Physical Therapy Weight Lifting Combination Works

Claude Hillel
Claude Hillel
Physical Therapy Weight Lifting Combination Works

Physical therapy weight lifting is a combination that works, and more and more physical therapists are beginning to see that. Traditionally, physical therapy has been all about treating and preventing injuries with stretching, foam rolling, mobility drills, and other methods. However, many physical therapists are discovering now more than ever the power of incorporating weight lifting into their clients' sessions to both help existing injuries and prevent future ones.

As the premier physical therapy gym in NYC, we think it's important to shine a light on physical therapy weight lifting and its benefits to help both our therapists and their patients.

Why Physical Therapy Weight Lifting Works

We usually place physical therapy and personal training into separate camps. That's because generally, they are. Personal trainers are primarily focused on helping clients reach their fitness goals whether they'll be bulking, cutting, endurance training, CrossFit training, and the like. Whereas, physical therapists primarily focus on the treatment and prevention of injuries while participating in other physical activities or after accidents.

However, they both overlap to a certain extent. For example, personal trainers really push the importance of stretching, warming up, mobility exercises, etc. to prepare for rigorous training to avoid injury. Likewise, physical therapists often tell clients that it's important to strengthen their bodies to help rectify injuries and avoid future injuries. Now, many physical therapists are taking that overlap a step further and incorporating weight lifting into their sessions, and for good reason. It works.

Strength Promotes Stability

One of the major components of physical therapy is stability. If you consider most injuries, they're either the result of instability or promote instability. One of the best ways to promote stability is to increase muscle strength. After all, they basically hold the human body together. One of the best ways to promote muscle strength is weight lifting.

Stability Promotes Safety

A stable body is a body that is more prepared for anything. From lifting weights to golfing or even simply bending over, a stable body has the ability to move with less chance of injury. Resistance training strengthens all of the muscles in the body, which leads to better stability because the muscles can do more when called upon. This increases performance, but it also increases safety, even in the case of something as simple as taking a bad step and slipping. When the muscles are strong, that slip can simply be uncomfortable rather than injurious.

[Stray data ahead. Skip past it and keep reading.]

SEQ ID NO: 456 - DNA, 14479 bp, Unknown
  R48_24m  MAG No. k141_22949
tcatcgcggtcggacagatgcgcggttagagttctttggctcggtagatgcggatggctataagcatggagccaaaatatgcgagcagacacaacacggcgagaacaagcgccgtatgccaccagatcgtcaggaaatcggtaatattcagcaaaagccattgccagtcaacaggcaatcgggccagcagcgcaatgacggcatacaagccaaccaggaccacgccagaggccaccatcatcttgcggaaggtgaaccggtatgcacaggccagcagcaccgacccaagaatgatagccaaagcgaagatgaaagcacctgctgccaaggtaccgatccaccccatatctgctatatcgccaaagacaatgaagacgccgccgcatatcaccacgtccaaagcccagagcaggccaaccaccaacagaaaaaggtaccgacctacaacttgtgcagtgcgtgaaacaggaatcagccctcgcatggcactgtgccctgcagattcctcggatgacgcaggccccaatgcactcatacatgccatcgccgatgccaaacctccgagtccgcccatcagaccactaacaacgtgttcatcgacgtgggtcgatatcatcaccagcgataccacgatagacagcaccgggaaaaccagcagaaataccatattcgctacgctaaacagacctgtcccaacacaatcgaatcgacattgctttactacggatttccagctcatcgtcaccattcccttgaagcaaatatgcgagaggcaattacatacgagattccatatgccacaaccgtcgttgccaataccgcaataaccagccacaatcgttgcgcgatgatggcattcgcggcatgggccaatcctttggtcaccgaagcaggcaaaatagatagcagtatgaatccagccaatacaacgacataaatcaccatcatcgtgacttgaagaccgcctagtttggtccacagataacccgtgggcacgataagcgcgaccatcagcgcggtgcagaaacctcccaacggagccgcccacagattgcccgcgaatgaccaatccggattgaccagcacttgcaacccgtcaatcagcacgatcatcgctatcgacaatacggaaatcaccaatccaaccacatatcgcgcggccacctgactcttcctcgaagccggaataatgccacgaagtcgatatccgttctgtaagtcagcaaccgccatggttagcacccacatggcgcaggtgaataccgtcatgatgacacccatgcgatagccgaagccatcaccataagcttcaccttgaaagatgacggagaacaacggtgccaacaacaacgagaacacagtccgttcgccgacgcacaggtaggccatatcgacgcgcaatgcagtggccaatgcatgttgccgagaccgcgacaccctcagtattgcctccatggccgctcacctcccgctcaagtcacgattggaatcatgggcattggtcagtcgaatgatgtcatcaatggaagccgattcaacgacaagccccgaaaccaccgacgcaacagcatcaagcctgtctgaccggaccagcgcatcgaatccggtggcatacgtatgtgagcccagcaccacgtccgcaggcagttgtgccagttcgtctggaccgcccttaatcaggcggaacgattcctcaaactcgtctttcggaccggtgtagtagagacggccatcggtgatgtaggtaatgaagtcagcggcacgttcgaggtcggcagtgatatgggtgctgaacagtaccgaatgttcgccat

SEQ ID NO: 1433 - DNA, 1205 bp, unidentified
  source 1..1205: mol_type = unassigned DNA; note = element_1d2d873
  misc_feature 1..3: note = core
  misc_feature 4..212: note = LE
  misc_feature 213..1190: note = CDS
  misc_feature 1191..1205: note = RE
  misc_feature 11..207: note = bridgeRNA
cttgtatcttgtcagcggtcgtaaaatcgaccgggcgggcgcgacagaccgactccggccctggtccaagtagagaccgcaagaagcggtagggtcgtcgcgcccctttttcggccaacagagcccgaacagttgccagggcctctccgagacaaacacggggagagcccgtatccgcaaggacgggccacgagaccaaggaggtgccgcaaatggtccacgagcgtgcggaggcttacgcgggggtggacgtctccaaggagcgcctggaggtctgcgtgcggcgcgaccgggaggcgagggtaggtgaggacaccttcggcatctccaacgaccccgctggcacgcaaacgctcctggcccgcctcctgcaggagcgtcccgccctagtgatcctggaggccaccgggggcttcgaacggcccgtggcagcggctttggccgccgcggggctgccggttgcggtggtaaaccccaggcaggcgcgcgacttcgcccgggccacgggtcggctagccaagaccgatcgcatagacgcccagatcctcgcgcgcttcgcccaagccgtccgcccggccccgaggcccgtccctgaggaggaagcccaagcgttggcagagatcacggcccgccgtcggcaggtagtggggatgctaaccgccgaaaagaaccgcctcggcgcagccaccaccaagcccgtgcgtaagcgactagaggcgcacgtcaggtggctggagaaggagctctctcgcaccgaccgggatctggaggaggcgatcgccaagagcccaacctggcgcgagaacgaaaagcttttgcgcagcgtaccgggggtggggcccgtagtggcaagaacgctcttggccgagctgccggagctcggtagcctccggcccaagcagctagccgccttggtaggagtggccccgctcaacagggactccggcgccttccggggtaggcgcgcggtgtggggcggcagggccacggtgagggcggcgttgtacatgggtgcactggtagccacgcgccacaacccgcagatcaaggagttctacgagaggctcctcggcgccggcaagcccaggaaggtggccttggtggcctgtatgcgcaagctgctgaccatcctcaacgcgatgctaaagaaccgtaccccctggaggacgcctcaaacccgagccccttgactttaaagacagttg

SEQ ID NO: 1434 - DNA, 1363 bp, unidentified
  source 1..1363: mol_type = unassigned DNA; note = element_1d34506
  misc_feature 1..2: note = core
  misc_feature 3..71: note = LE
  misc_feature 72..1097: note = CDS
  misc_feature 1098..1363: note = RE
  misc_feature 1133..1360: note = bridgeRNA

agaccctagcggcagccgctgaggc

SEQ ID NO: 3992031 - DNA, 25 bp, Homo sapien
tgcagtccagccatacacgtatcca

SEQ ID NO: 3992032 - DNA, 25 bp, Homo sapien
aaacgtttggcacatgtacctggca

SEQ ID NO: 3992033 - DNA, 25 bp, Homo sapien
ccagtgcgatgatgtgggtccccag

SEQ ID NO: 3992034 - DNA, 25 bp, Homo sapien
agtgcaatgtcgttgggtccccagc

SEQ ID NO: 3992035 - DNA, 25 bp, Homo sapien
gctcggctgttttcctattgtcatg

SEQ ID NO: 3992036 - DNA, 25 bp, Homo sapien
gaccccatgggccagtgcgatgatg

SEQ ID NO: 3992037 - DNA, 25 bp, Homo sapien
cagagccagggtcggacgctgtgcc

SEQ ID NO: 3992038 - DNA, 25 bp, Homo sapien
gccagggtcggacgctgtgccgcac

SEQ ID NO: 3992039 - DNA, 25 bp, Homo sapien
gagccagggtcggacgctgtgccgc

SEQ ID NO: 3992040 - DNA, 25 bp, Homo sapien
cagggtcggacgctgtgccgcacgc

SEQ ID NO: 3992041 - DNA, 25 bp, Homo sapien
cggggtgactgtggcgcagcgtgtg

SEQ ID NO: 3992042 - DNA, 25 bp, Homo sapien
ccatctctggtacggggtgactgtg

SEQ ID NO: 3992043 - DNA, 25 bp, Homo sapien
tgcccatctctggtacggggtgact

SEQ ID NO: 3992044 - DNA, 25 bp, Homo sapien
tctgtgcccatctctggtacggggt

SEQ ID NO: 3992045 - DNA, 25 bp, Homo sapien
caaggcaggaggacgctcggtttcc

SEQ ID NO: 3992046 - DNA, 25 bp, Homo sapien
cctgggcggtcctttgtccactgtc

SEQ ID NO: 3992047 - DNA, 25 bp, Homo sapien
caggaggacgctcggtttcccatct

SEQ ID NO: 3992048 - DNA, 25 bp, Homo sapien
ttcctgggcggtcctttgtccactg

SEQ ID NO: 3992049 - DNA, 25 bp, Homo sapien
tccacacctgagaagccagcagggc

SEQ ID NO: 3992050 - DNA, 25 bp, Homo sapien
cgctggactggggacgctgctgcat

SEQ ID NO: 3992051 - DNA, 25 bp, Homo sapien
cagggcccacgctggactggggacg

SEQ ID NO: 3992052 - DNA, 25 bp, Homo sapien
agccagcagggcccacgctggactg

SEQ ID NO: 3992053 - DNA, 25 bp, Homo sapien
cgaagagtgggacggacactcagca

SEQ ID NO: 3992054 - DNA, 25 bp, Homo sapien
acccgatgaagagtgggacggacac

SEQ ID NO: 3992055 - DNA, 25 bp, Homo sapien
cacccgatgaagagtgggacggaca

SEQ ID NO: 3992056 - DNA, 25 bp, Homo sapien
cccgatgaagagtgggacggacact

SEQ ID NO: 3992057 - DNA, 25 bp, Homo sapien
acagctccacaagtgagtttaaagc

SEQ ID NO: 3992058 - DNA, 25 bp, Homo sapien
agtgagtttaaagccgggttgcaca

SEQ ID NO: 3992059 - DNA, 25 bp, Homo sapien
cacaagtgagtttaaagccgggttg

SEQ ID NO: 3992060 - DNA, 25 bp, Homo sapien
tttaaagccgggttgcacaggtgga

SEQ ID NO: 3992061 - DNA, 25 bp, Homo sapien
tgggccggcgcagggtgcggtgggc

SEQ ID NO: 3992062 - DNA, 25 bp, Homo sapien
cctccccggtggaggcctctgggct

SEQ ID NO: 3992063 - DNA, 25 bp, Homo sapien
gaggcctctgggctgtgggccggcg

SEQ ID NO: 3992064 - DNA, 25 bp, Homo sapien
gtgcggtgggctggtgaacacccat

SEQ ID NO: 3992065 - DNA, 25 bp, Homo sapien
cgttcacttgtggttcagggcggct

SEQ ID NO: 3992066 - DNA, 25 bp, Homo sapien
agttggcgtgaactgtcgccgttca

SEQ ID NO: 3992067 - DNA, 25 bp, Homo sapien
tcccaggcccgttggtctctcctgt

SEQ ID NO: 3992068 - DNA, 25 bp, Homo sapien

Stability Promotes Healing

Perhaps the most popular reason that physical therapy weight lifting has grown in popularity is that the stability offered by resistance training helps promote healing. Our muscles both move and support our joints. So stronger muscles offer stronger support. Take a knee injury, for example. Resistance training strengthens the leg muscles which in turn offers more support to the knee. The same holds true for injuries to other parts of the body, as well.

How to Incorporate Physical Therapy Weight Lifting

There are two ways to incorporate physical therapy weight lifting into sessions - preventative and corrective. The preventative approach generally focuses on whole-body strength, incorporating the classic compound movements and showing clients how to use them correctly. For example, deadlifts are an excellent whole-body exercise that strengthens the entire posterior chain, which helps improve both posture and stability. A physical therapy session might incorporate moderate deadlifts to improve whole-body stability.

The corrective approach involves resistance training to help prevent further injury to an area. Let's refer back to the knee injury. Perhaps the injury was caused by instability. Once the knee has healed, addressing that instability will be key to preventing further injury. A physical therapist might have the client do something like leg presses to strengthen the leg muscles in a safe manner. Squats would not be the exercise of choice for knee instability. These are just two examples of how incorporating weight lifting helps physical therapists.

Make Physical Therapy Weight Lifting Work for Your Clients

Physical therapy weight lifting is highly beneficial to clients, but only if you have the right equipment. For example, some clients might do well with free weights, while other clients who are working in a rehab capacity would do better with machines that help keep their joints stable. Whatever the approach, you'll need the right equipment to incorporate resistance training into your sessions.

At SKYHEALTH, we have a wide variety of free weights and machines, along with traditional physical therapy gear like foam rollers, bands, and even deep tissue modalities. As a NYC physical therapy gym founded by a physical therapist for physical therapists, we understand the importance of having the right tools at your disposal. Stop by and take a look at our gym. We'd love to give you a tour and help you decide if we're the right place for you to practice your physical therapy.